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3 of 4 people found the following review helpful By SoNotCal on August 12, 2013
Format: Hardcover
My 5 year old daughter and I *loved* this book. We picked it out due to our love of birds but got more than we bargained for...in a good way. She went to get ME a tissue within seconds of realizing what had happened in the story. It has no words but it was profound. Afterwards we had a conversation about the art and meanings, and we have looked at it again and again. As far as the reviewers slamming it for being a remake...thanks for pointing it out, we will look for The Red Balloon to read now too since NO, we didn't know about that one. Books and music are remade in wonderful ways all the time.
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3 of 4 people found the following review helpful By J. Thomas on June 21, 2013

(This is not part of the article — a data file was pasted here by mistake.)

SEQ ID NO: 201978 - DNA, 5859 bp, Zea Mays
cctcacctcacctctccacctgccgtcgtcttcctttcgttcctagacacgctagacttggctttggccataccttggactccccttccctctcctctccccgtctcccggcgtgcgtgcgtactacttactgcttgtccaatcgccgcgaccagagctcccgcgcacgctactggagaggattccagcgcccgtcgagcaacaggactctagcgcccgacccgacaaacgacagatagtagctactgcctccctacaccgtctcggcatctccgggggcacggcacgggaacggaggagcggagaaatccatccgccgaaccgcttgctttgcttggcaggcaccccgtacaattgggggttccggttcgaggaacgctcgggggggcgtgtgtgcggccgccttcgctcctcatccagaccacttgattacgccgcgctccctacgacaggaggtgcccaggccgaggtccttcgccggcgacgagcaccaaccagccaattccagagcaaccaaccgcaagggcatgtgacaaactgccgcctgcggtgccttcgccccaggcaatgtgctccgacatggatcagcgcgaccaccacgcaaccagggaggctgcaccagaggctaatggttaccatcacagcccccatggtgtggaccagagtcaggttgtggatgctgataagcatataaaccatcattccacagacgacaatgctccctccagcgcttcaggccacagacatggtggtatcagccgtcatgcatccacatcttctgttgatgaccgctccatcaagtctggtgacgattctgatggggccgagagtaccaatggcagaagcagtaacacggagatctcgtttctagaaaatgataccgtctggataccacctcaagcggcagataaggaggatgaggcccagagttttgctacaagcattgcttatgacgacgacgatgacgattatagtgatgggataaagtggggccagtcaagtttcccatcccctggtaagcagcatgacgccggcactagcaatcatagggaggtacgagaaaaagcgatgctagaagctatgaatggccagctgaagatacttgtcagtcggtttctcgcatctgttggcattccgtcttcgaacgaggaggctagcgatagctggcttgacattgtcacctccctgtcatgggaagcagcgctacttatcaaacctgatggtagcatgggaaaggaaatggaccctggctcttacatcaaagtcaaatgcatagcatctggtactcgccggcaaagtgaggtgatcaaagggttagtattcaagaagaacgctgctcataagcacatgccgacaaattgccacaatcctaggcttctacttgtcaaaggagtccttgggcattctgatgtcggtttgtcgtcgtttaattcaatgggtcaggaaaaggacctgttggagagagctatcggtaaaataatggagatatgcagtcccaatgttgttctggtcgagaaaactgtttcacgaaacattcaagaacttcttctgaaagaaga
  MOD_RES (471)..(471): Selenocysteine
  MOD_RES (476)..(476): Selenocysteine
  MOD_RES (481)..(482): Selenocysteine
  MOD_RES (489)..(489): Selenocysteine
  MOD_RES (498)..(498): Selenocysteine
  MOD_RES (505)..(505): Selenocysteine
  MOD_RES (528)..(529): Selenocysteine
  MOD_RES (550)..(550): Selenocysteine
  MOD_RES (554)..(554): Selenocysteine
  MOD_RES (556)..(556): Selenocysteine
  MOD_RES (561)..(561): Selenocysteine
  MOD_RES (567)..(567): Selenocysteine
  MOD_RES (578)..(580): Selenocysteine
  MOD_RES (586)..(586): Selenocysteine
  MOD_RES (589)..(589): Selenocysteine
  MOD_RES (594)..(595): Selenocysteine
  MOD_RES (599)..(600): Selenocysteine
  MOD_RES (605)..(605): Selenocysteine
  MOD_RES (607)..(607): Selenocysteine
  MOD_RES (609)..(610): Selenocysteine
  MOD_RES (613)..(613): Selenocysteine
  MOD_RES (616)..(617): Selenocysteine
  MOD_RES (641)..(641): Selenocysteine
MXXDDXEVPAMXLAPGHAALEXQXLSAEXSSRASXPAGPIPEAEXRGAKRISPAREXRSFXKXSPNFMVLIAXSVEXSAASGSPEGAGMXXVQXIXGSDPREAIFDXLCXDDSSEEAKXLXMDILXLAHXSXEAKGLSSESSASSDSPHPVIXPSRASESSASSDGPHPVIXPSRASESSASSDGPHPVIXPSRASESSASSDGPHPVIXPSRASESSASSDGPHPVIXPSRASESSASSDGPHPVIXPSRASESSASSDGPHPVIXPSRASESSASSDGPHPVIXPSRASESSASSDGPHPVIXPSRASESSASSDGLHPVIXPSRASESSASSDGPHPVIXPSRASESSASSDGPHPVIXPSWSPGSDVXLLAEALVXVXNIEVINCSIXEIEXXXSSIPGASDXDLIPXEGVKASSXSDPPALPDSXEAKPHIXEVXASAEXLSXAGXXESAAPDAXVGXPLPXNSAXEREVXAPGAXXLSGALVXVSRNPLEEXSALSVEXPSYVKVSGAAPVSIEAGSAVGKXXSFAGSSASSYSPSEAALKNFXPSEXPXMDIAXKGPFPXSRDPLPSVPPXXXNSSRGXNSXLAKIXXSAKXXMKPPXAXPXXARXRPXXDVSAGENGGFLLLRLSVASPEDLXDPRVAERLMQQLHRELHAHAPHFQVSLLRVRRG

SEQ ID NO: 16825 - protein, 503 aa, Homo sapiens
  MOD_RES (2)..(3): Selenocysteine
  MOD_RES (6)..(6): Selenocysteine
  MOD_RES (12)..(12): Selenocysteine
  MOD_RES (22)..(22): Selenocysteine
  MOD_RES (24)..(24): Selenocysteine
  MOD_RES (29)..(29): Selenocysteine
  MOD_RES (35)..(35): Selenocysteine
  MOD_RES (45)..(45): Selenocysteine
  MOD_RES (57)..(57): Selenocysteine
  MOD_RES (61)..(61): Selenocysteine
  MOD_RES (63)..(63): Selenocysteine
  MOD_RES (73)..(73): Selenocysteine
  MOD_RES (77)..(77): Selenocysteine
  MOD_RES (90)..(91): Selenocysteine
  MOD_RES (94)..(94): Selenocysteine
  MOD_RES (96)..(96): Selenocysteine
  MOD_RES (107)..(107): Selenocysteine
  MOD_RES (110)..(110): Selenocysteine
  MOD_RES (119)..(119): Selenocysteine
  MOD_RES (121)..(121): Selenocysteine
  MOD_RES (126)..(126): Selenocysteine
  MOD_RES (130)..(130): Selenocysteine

Format: Hardcover Verified Purchase
As a child I was bullied and never really cared for how it was look at by society. They tell you to toughen up, be a man, etc etc. But it is different when you are the one that happens too, instead of the one giving advice. This book is amazing, tearful, and related very well to those that have been there.
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3 of 4 people found the following review helpful By Kendra Holliday on May 27, 2013
Format: Hardcover Verified Purchase
My daughter is an empath, so when I showed her this book, she went ahead and pre-cried before we even opened it up! So touching, thoughtful, meaningful, timely. The ending was predictable - but not! I cried, too.